Application setup

For this example, we will be using the rollouts demo application from a GitHub repository.

This application has a great visual representation. Each block represents a response. The images we will be using today will be purple and bad-yellow, where purple represents an errorless application and bad-yellow represents an application with a 50% error response rate.

Example of what good times look like.

Instrument the application with Elastic Observability

Now, why would you want to instrument your application with Elastic Observability? What we want to do is to provide reliability and insight into the pipeline so that developers can catch errors early and act upon them. Elastic Observability is a great tool to use to achieve this, especially in the context of Argo where your Kubernetes deployments can easily scale to massive proportions. With the added visibility teams can improve customers' experience and better adhere to SLAs and SLOs. The ultimate goal is to build software reliability.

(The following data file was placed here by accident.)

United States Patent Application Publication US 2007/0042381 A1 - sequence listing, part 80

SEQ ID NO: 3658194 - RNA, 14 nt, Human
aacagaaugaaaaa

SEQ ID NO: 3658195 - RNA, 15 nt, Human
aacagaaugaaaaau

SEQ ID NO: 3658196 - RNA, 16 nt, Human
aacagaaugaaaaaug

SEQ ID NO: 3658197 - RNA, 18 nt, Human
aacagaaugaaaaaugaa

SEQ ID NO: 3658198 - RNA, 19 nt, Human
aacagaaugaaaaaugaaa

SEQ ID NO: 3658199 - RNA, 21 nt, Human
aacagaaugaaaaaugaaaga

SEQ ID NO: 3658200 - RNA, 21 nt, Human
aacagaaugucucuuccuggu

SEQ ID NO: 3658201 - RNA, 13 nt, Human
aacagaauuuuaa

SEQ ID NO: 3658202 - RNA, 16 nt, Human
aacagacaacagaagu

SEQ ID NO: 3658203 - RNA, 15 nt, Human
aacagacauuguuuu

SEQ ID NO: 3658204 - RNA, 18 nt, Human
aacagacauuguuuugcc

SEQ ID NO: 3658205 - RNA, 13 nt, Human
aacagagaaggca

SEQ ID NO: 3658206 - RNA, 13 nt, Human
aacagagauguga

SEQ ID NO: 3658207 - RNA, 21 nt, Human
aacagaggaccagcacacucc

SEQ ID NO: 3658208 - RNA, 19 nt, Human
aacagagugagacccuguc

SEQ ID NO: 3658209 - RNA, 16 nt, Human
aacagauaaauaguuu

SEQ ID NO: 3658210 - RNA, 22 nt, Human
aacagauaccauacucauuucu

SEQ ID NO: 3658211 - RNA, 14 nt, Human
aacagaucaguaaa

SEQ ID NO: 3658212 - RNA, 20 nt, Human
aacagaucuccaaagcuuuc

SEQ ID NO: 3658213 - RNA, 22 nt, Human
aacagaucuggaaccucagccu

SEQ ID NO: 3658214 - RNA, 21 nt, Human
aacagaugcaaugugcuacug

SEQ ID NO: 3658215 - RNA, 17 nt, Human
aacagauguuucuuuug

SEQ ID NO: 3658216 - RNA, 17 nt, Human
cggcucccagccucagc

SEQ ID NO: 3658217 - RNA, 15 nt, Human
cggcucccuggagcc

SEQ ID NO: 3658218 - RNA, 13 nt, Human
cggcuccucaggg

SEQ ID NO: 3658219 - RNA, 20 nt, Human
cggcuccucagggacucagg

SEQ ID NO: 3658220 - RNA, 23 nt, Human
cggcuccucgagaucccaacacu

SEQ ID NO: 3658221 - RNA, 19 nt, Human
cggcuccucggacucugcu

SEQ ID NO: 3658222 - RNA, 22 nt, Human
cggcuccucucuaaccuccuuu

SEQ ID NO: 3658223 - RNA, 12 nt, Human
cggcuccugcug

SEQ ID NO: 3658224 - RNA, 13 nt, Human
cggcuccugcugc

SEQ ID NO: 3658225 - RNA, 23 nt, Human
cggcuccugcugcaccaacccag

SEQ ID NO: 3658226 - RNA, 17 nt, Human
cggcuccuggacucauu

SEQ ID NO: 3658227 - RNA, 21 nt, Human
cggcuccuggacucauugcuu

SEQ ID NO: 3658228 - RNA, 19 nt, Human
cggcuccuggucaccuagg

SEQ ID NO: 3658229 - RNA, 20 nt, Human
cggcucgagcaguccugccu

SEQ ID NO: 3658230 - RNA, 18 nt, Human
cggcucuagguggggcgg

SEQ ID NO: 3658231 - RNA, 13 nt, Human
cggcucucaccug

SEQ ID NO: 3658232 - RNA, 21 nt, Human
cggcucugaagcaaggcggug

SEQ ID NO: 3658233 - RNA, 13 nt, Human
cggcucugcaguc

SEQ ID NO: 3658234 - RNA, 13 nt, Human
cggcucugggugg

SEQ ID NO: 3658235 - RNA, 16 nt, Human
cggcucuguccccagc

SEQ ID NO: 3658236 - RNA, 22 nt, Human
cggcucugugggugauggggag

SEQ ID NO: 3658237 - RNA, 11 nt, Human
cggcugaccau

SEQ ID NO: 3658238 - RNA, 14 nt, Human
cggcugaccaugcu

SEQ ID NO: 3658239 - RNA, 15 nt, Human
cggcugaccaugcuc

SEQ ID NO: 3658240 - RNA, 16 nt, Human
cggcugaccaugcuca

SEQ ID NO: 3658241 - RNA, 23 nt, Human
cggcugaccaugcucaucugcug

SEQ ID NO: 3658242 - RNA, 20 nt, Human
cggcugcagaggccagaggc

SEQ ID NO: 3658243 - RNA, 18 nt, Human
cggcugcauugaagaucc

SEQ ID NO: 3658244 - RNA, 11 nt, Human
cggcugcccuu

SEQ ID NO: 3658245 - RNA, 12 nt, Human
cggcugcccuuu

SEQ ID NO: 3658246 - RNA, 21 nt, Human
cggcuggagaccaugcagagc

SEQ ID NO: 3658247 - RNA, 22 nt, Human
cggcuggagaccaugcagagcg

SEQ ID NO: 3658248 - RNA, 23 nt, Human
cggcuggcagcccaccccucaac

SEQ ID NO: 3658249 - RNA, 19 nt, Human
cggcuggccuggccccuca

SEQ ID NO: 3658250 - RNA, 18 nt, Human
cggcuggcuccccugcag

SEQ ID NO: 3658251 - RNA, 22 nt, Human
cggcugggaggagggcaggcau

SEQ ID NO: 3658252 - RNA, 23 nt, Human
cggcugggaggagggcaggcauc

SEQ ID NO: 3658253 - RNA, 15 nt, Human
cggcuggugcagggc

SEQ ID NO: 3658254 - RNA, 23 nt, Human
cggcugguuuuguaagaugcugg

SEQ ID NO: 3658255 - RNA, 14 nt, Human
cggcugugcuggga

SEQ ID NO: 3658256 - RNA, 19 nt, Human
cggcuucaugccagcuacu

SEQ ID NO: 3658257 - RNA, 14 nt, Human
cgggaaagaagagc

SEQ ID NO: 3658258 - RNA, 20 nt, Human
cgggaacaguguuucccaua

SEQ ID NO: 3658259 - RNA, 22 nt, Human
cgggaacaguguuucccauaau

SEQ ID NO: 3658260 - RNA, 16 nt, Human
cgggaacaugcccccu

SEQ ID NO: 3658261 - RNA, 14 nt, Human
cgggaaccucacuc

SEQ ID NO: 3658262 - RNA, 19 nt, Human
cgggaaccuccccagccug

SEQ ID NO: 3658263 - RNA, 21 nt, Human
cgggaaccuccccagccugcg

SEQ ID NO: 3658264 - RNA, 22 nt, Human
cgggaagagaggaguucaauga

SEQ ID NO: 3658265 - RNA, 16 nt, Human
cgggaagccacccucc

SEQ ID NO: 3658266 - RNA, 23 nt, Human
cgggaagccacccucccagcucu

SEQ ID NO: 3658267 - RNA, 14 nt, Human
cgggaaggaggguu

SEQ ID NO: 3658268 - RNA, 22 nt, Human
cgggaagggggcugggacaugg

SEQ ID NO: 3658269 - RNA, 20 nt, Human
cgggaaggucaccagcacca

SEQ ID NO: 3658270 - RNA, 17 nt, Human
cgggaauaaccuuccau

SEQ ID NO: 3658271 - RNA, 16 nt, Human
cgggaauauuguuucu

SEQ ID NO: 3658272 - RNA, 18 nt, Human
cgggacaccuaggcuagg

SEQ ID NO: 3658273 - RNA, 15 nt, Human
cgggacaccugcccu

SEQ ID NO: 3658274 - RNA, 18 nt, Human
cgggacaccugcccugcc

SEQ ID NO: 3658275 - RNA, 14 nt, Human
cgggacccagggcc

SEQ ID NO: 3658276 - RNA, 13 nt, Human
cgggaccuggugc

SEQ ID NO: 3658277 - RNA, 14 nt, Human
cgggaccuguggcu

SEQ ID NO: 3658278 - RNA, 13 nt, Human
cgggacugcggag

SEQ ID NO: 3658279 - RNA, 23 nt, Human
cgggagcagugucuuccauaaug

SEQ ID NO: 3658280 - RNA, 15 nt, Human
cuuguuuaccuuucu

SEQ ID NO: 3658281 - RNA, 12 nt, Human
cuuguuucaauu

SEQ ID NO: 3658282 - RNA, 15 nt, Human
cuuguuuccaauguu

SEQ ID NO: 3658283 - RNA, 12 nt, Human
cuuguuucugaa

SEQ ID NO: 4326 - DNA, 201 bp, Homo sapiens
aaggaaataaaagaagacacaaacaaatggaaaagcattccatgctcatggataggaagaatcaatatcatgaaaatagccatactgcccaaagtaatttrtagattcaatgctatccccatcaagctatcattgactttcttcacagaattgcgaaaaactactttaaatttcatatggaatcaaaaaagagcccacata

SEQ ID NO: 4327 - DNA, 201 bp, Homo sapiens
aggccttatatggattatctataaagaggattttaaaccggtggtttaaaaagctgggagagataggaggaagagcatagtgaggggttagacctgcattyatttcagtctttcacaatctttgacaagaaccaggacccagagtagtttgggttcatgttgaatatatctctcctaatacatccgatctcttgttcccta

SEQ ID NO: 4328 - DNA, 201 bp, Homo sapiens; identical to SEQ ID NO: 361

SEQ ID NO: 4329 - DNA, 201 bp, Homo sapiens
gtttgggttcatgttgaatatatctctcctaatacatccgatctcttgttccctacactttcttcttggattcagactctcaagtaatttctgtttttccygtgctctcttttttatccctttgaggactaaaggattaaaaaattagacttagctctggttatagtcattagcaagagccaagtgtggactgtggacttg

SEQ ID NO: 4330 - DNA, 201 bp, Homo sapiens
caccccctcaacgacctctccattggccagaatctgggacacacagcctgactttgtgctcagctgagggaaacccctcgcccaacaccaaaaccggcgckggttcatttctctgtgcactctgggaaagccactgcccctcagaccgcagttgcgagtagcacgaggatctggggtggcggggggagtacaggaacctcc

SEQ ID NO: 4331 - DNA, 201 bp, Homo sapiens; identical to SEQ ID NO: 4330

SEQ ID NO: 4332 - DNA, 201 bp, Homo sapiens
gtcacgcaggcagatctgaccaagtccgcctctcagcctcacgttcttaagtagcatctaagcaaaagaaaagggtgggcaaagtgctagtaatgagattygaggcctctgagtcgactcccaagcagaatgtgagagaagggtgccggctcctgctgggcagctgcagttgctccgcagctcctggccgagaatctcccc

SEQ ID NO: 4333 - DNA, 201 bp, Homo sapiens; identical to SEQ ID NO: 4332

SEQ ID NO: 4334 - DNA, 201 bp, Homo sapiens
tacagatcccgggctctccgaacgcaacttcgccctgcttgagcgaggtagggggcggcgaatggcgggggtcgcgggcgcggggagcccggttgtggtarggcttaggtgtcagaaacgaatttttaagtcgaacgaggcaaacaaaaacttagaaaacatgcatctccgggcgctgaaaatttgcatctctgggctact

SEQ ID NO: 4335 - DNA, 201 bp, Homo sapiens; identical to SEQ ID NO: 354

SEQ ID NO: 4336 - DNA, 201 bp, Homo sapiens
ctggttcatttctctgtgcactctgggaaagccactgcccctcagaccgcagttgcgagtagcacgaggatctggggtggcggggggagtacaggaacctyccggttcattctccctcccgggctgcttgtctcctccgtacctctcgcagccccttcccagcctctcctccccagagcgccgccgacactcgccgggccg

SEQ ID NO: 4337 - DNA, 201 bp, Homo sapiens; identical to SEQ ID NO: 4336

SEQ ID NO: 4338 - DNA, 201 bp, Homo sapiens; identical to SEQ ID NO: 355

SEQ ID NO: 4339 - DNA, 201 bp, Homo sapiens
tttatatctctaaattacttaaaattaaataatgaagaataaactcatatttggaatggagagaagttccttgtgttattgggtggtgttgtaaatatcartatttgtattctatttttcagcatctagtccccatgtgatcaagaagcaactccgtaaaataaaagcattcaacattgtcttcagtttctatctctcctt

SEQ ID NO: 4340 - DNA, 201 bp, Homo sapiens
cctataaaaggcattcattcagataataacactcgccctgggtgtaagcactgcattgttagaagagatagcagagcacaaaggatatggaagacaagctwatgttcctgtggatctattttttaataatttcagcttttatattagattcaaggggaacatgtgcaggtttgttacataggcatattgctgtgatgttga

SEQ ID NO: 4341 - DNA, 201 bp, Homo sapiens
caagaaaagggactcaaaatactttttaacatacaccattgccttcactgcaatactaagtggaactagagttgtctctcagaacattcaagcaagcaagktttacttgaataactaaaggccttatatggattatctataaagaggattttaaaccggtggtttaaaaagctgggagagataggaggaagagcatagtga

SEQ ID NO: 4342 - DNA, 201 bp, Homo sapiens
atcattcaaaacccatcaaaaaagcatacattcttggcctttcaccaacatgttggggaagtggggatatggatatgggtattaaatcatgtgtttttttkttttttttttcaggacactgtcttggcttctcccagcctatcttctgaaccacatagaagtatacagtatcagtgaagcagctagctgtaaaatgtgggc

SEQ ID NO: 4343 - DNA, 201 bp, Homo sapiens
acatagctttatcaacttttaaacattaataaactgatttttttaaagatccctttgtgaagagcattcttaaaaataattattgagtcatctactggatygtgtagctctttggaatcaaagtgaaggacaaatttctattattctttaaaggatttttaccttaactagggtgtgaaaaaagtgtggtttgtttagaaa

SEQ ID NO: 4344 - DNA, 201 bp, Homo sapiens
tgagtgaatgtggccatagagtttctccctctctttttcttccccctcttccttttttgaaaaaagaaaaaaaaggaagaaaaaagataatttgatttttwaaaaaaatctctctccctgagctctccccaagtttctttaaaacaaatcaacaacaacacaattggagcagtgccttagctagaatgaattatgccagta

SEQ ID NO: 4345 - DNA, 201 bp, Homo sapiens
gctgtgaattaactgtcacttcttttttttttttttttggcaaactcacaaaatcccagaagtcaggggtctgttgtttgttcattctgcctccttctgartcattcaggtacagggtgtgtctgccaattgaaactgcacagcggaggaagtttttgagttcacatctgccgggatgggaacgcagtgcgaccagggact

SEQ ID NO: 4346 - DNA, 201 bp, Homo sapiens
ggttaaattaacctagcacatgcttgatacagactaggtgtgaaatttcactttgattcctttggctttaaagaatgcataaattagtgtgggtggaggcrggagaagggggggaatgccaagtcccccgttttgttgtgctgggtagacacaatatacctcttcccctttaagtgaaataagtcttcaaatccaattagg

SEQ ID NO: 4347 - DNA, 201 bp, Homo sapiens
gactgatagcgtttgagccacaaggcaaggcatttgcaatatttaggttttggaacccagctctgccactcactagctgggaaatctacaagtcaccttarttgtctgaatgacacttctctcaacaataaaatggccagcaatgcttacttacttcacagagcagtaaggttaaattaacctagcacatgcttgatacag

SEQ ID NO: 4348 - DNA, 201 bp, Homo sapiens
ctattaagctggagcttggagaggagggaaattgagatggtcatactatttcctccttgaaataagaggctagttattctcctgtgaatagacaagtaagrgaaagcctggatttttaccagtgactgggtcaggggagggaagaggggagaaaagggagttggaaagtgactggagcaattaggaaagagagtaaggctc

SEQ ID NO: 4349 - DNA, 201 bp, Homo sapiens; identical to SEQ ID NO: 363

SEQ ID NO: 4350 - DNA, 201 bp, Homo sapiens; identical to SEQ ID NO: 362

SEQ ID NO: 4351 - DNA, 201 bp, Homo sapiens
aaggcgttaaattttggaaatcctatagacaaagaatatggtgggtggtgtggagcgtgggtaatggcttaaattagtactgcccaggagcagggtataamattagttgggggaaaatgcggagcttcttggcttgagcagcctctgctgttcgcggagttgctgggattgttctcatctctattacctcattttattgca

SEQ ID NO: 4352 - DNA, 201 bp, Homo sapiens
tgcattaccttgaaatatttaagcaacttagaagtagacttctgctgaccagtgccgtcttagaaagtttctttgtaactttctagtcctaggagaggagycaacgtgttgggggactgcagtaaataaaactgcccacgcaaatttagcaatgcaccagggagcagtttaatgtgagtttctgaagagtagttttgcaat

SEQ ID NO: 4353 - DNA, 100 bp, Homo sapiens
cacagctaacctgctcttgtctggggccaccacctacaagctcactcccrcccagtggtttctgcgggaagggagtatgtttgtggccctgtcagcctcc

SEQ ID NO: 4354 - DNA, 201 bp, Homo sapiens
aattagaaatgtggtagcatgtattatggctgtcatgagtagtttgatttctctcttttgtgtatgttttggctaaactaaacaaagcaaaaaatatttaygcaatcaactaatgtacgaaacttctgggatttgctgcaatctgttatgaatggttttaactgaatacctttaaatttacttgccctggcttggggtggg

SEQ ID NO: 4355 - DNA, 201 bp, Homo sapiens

For the purpose of this blog post, we will be using Elastic Cloud which is a SaaS-hosted version of Elastic. A quick start guide is available on the Elastic Documentation website:

Once Elastic Cloud is up, we will need to add the Application Performance Monitoring integration.

Once that is done, you will need to instrument the application.

Install the agent

Install the APM agent packages for Go.

go get

Configure the agent

Elastic Agents are unified agents that you deploy to hosts or containers to collect data and send it to the Elastic Stack, they can also be libraries that run inside of your application process depending on what programming language is used(In this case we’re using Go which this concept applies to.). APM services are created programmatically based on the executable file name or the ELASTIC_APM_SERVICE_NAME environment variable.

Initialize using environment variables: